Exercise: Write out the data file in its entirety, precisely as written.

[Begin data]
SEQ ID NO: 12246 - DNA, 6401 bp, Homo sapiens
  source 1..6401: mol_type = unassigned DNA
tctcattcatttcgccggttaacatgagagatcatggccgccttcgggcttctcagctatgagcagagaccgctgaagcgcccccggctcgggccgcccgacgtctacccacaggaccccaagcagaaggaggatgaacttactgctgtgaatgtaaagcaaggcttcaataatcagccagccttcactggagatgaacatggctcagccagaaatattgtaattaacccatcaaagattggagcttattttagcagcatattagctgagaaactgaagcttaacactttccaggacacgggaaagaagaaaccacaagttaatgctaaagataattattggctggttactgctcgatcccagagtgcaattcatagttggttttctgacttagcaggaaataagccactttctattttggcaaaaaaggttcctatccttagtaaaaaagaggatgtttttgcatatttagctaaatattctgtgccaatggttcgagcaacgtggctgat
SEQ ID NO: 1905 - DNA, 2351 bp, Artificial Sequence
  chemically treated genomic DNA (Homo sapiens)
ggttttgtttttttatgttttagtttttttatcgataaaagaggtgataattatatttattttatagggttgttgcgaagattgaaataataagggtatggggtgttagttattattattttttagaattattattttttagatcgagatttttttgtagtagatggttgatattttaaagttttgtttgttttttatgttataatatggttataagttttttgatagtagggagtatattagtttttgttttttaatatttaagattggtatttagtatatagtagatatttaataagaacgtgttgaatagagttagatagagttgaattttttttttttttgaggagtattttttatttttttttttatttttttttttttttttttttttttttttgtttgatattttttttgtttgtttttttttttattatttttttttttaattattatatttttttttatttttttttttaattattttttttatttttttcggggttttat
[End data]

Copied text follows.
SEQ ID NO: 12246 - DNA, 6401 bp, Homo sapiens
  source 1..6401: mol_type = unassigned DNA
tctcattcatttcgccggttaacatgagagatcatggccgccttcgggcttctcagctatgagcagagaccgctgaagcgcccccggctcgggccgcccgacgtctacccacaggaccccaagcagaaggaggatgaacttactgctgtgaatgtaaagcaaggcttcaataatcagccagccttcactggagatgaacatggctcagccagaaatattgtaattaacccatcaaagattggagcttattttagcagcatattagctgagaaactgaagcttaacactttccaggacacgggaaagaagaaaccacaagttaatgctaaagataattattggctggttactgctcgatcccagagtgcaattcatagttggttttctgacttagcaggaaataagccactttctattttggcaaaaaaggttcctatccttagtaaaaaagaggatgtttttgcatatttagctaaatattctgtgccaatggttcgagcaacgtggctgat
SEQ ID NO: 1905 - DNA, 2351 bp, Artificial Sequence
  chemically treated genomic DNA (Homo sapiens)
ggttttgtttttttatgttttagtttttttatcgataaaagaggtgataattatatttattttatagggttgttgcgaagattgaaataataagggtatggggtgttagttattattattttttagaattattattttttagatcgagatttttttgtagtagatggttgatattttaaagttttgtttgttttttatgttataatatggttataagttttttgatagtagggagtatattagtttttgttttttaatatttaagattggtatttagtatatagtagatatttaataagaacgtgttgaatagagttagatagagttgaattttttttttttttgaggagtattttttatttttttttttatttttttttttttttttttttttttttttgtttgatattttttttgtttgtttttttttttattatttttttttttaattattatatttttttttatttttttttttaattattttttttatttttttcggggttttat